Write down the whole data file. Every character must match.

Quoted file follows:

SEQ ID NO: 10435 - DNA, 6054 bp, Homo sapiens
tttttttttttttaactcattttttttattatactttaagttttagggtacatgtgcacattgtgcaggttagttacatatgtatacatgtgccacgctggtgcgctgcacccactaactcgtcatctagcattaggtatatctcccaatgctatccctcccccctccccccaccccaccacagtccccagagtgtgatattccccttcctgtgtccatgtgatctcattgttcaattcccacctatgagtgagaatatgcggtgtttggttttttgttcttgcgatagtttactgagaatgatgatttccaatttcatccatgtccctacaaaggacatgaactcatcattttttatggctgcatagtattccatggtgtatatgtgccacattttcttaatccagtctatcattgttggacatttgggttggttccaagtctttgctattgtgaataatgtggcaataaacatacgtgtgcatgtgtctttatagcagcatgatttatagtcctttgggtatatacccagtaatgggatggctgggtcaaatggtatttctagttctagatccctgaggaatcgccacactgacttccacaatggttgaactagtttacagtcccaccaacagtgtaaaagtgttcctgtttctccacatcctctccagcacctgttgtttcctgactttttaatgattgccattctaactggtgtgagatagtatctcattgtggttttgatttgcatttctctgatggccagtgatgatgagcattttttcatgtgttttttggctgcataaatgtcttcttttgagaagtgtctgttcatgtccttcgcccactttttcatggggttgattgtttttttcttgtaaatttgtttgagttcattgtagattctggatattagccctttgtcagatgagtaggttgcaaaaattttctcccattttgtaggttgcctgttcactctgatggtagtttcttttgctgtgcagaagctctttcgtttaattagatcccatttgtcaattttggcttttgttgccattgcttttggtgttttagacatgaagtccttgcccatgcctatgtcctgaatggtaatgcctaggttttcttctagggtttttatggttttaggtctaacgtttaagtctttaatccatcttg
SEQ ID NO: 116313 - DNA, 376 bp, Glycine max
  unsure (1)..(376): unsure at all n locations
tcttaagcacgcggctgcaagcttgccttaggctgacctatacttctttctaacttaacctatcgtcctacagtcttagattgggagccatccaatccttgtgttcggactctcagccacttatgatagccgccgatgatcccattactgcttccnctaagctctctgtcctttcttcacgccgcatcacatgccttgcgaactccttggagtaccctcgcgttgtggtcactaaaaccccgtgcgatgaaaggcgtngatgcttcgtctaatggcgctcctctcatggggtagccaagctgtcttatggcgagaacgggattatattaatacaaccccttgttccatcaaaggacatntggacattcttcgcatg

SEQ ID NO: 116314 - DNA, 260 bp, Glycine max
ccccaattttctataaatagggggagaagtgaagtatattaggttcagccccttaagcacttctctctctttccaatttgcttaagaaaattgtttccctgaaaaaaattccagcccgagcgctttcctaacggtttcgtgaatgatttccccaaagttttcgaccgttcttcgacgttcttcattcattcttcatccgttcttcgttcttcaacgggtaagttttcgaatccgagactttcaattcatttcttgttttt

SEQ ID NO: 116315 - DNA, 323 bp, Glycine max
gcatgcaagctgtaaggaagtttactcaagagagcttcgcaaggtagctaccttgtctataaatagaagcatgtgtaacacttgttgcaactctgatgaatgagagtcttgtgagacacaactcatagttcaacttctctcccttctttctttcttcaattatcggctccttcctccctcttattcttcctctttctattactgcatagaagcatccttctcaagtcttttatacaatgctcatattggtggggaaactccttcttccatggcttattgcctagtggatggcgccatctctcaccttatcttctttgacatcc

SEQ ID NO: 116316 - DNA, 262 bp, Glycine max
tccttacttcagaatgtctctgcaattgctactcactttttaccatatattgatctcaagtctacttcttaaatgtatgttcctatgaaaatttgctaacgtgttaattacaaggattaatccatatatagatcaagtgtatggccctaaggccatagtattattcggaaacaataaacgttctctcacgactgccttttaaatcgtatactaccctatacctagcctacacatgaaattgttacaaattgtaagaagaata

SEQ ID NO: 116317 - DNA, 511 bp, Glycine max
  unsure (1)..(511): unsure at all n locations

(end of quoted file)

SEQ ID NO: 10435 - DNA, 6054 bp, Homo sapiens
tttttttttttttaactcattttttttattatactttaagttttagggtacatgtgcacattgtgcaggttagttacatatgtatacatgtgccacgctggtgcgctgcacccactaactcgtcatctagcattaggtatatctcccaatgctatccctcccccctccccccaccccaccacagtccccagagtgtgatattccccttcctgtgtccatgtgatctcattgttcaattcccacctatgagtgagaatatgcggtgtttggttttttgttcttgcgatagtttactgagaatgatgatttccaatttcatccatgtccctacaaaggacatgaactcatcattttttatggctgcatagtattccatggtgtatatgtgccacattttcttaatccagtctatcattgttggacatttgggttggttccaagtctttgctattgtgaataatgtggcaataaacatacgtgtgcatgtgtctttatagcagcatgatttatagtcctttgggtatatacccagtaatgggatggctgggtcaaatggtatttctagttctagatccctgaggaatcgccacactgacttccacaatggttgaactagtttacagtcccaccaacagtgtaaaagtgttcctgtttctccacatcctctccagcacctgttgtttcctgactttttaatgattgccattctaactggtgtgagatagtatctcattgtggttttgatttgcatttctctgatggccagtgatgatgagcattttttcatgtgttttttggctgcataaatgtcttcttttgagaagtgtctgttcatgtccttcgcccactttttcatggggttgattgtttttttcttgtaaatttgtttgagttcattgtagattctggatattagccctttgtcagatgagtaggttgcaaaaattttctcccattttgtaggttgcctgttcactctgatggtagtttcttttgctgtgcagaagctctttcgtttaattagatcccatttgtcaattttggcttttgttgccattgcttttggtgttttagacatgaagtccttgcccatgcctatgtcctgaatggtaatgcctaggttttcttctagggtttttatggttttaggtctaacgtttaagtctttaatccatcttg
SEQ ID NO: 116313 - DNA, 376 bp, Glycine max
  unsure (1)..(376): unsure at all n locations
tcttaagcacgcggctgcaagcttgccttaggctgacctatacttctttctaacttaacctatcgtcctacagtcttagattgggagccatccaatccttgtgttcggactctcagccacttatgatagccgccgatgatcccattactgcttccnctaagctctctgtcctttcttcacgccgcatcacatgccttgcgaactccttggagtaccctcgcgttgtggtcactaaaaccccgtgcgatgaaaggcgtngatgcttcgtctaatggcgctcctctcatggggtagccaagctgtcttatggcgagaacgggattatattaatacaaccccttgttccatcaaaggacatntggacattcttcgcatg

SEQ ID NO: 116314 - DNA, 260 bp, Glycine max
ccccaattttctataaatagggggagaagtgaagtatattaggttcagccccttaagcacttctctctctttccaatttgcttaagaaaattgtttccctgaaaaaaattccagcccgagcgctttcctaacggtttcgtgaatgatttccccaaagttttcgaccgttcttcgacgttcttcattcattcttcatccgttcttcgttcttcaacgggtaagttttcgaatccgagactttcaattcatttcttgttttt

SEQ ID NO: 116315 - DNA, 323 bp, Glycine max
gcatgcaagctgtaaggaagtttactcaagagagcttcgcaaggtagctaccttgtctataaatagaagcatgtgtaacacttgttgcaactctgatgaatgagagtcttgtgagacacaactcatagttcaacttctctcccttctttctttcttcaattatcggctccttcctccctcttattcttcctctttctattactgcatagaagcatccttctcaagtcttttatacaatgctcatattggtggggaaactccttcttccatggcttattgcctagtggatggcgccatctctcaccttatcttctttgacatcc

SEQ ID NO: 116316 - DNA, 262 bp, Glycine max
tccttacttcagaatgtctctgcaattgctactcactttttaccatatattgatctcaagtctacttcttaaatgtatgttcctatgaaaatttgctaacgtgttaattacaaggattaatccatatatagatcaagtgtatggccctaaggccatagtattattcggaaacaataaacgttctctcacgactgccttttaaatcgtatactaccctatacctagcctacacatgaaattgttacaaattgtaagaagaata

SEQ ID NO: 116317 - DNA, 511 bp, Glycine max
  unsure (1)..(511): unsure at all n locations